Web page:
Alaska’s geothermal project could fuel the region’s economic sustainability
AKUTAN, Alaska – A geophysical survey team is using electromagnetic probes in the remote community of Akutan, Alaska to help investigate the potential of the nearby geothermal resource. If a significant resource is identified this would potentially allow the Eastern Aleutian region to realize a clean, inexpensive and reliable source of energy production.
Currently, the City of Akutan (population 713) and Trident Seafoods, a large plant which operates within the community, use a combined peak of 7 MW of diesel-generated power. The city’s power cost exceeds $0.32 kWh. Development of power from the Akutan geothermal project would eliminate the dependence on diesel fuel, reduce carbon emissions and promote economic and cultural sustainability of Akutan and the region.
Geothermal energy is an environmentally-friendly source of renewable energy that harnesses the natural power of steam from the earth to generate electricity and heat while producing almost no greenhouse emissions. This cost-effective energy appears to be located right in Akutan’s backyard.
The geophysical survey uses electromagnetic probes to detect subsurface electrical patterns to locate the geothermal “reservoir.” The technical team has established a base camp in Hot Springs Bay Valley on Akutan Island. Team members will conduct testing of as many as 50 locations. Local residents Matthew Bereskin and Brett Willis will be working as part of the field crew. Trident Seafoods is providing logistical support between Dutch Harbor and Akutan. City Mayor Joe Bereskin sees the geothermal project as a total community effort.
“We are working closely with the Akutan Village Corporation, the Akutan Traditional Tribal Council, the Aleut Corporation, Trident Seafoods and our residents to develop a geothermal power and heating resource to replace our dependence on diesel fuel,” Bereskin said. “It’s an exciting, long-term project which will translate into jobs and economic activity for the community and the region.”
Exploratory activities began in May 2009, with a soil chemistry survey of the Akutan geothermal area. In June and July, a remote sensing study was conducted by researchers at the University of Alaska Fairbanks, using thermal information from satellite images to detect thermal anomalies in the Akutan geothermal area. The current geophysical survey, using electromagnetic techniques, will aid in detecting subsurface resistivity/conductivity anomalies. Combined, these three surveys – all of which take place on the surface and require no drilling – will help locate the geothermal resource on Akutan.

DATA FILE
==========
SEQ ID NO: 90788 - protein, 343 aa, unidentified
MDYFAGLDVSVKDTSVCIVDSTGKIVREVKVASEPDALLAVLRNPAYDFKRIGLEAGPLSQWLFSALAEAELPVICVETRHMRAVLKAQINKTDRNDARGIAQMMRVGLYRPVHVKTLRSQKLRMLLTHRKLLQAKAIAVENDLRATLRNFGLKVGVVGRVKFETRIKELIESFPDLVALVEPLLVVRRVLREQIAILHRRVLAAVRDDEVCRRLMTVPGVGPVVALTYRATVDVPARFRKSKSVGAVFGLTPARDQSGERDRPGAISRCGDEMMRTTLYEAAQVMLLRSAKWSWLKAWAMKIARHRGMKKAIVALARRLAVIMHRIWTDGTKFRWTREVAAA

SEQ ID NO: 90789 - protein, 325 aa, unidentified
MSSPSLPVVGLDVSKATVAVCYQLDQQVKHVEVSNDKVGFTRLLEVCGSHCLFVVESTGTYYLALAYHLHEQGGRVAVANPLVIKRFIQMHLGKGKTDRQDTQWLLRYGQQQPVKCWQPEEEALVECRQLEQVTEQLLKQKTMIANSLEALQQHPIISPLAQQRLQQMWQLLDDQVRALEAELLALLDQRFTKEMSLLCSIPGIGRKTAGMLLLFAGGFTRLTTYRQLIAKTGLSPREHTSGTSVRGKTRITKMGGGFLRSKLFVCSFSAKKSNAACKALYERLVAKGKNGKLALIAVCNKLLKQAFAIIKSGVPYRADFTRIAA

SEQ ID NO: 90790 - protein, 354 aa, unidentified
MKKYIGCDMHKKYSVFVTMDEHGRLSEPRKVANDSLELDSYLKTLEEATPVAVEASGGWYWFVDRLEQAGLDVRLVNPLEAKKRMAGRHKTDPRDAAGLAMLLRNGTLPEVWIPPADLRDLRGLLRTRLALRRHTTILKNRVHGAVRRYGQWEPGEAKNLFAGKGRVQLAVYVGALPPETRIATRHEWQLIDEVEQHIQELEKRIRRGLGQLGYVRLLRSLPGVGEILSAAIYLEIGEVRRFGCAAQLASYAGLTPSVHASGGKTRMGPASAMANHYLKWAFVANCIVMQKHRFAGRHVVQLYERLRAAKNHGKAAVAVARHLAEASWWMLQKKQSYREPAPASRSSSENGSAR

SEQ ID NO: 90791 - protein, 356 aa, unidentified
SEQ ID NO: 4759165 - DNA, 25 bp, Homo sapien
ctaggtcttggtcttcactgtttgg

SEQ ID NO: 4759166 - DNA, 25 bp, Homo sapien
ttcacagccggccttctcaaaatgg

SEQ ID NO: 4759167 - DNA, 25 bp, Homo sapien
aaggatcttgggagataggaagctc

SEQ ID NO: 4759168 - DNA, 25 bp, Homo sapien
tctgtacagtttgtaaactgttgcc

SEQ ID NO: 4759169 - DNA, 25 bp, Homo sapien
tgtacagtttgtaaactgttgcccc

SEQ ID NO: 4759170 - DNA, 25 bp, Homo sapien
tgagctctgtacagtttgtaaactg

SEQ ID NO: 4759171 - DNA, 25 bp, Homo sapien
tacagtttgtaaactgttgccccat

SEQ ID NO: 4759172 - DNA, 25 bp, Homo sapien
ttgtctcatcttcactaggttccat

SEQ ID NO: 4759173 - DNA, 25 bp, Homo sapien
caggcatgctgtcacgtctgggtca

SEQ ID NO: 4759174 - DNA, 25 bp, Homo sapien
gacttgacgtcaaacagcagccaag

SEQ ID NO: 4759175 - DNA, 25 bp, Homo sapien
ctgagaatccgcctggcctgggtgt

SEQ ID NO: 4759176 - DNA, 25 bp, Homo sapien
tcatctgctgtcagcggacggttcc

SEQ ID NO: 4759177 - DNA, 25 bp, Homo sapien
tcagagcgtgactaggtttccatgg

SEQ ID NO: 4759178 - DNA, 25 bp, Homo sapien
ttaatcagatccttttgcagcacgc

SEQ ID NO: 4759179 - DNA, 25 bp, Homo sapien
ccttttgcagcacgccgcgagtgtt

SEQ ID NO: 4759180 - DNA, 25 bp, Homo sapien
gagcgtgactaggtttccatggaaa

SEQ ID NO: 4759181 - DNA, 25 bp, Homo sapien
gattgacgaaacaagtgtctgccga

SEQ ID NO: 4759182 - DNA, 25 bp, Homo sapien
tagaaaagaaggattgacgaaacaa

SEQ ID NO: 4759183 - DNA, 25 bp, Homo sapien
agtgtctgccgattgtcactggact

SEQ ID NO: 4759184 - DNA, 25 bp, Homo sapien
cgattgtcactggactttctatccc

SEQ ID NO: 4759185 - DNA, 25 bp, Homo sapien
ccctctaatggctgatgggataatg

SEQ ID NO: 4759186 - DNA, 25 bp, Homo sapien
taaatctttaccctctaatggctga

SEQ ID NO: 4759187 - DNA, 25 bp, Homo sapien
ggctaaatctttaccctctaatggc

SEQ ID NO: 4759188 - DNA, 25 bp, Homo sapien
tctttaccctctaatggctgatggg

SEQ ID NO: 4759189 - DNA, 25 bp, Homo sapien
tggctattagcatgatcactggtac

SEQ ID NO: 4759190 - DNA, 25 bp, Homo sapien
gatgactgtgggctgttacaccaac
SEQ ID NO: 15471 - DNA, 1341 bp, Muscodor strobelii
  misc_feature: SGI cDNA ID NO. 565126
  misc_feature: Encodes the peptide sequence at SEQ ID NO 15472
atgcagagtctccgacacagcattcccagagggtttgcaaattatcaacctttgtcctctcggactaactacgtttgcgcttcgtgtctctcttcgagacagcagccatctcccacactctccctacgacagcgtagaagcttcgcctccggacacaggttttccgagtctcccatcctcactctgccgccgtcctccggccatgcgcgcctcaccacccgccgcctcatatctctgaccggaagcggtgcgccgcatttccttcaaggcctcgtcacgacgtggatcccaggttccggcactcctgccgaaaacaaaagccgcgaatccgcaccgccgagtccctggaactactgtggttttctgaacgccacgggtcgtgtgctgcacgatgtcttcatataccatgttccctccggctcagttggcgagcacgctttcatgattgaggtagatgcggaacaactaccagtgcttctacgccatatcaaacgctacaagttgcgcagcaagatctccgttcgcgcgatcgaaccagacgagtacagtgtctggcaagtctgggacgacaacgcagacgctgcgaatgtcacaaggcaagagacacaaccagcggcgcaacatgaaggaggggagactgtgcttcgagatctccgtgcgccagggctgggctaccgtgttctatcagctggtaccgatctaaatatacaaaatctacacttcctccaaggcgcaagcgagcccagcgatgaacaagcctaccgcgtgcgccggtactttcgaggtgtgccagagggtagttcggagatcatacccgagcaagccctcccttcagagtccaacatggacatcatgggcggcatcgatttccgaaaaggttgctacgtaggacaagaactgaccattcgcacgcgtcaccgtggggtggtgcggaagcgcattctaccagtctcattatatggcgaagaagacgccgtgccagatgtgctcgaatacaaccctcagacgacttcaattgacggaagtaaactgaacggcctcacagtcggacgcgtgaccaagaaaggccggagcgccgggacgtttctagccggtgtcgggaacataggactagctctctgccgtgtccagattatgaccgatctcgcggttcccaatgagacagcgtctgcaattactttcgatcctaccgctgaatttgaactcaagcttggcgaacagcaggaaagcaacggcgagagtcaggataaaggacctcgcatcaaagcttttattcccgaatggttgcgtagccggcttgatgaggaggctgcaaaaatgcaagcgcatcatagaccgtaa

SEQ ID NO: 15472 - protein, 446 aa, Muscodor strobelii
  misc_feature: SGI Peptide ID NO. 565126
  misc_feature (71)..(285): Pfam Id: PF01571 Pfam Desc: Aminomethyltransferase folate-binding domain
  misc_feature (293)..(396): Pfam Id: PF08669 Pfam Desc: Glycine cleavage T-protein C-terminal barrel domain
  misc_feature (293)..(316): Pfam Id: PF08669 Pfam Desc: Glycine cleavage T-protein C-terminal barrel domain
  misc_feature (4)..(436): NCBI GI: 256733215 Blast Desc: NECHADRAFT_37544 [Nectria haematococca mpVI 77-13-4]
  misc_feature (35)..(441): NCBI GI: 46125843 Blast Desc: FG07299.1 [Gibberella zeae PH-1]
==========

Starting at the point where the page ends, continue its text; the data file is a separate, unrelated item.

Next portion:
Currently, the city is operating under an $800,000 loan from the Alaska Industrial Development and Export Authority, which will carry the project through the end of the year. The City of Akutan was recently awarded a grant from the Alaska Renewable Energy Fund. Those funds are expected to be available within the next three months. The remainder of the $2.59 million in Alaska Energy Authority grant funding will go towards the drilling of geothermal wells.
As a necessary supplement to this funding, the City of Akutan recently applied for $4.5 million in Department of Energy stimulus grant funds for next year’s drilling program. The city also plans to request additional state funding. When producible wells are in place, the city will begin efforts to identify private investors and an experienced development partner. Ray Mann, senior consultant with RMA Consulting Group and the city’s program manager, is optimistic additional funds will be available.
“This is a two part process. We need public funding for exploration and confirmation of the resource, and private capital for development and operations.”
Surface exploratory activities are scheduled to continue throughout summer and fall of 2009, with exploratory drilling scheduled for the summer of 2010. The drilling phase of the project will employ a heli-portable coring drill rig to drill four “slim holes” up to 1,500 feet deep in areas selected on the basis of the 2009 resource evaluation. Once wells are complete, the city plans to team up with the University of Alaska Fairbanks, industry experts and state/federal agencies for the well testing and long-term monitoring program.
“Preliminary results from this summer’s fieldwork are extremely interesting,” said Dr. Amanda Kolker, project manager for the Akutan Geothermal Project. “We are rapidly developing a better understanding of the geothermal resource on Akutan. By the end of the year we should have a good conceptual model of the resource, which will help in targeting successful geothermal wells.”
Akutan is located on Akutan Island in the eastern Aleutians, off the southwest tip of the Alaska Peninsula, between the Bering Sea and the north Pacific Ocean. The city is 766 air miles southwest of Anchorage. Akutan is one of the busiest fishing ports in the country.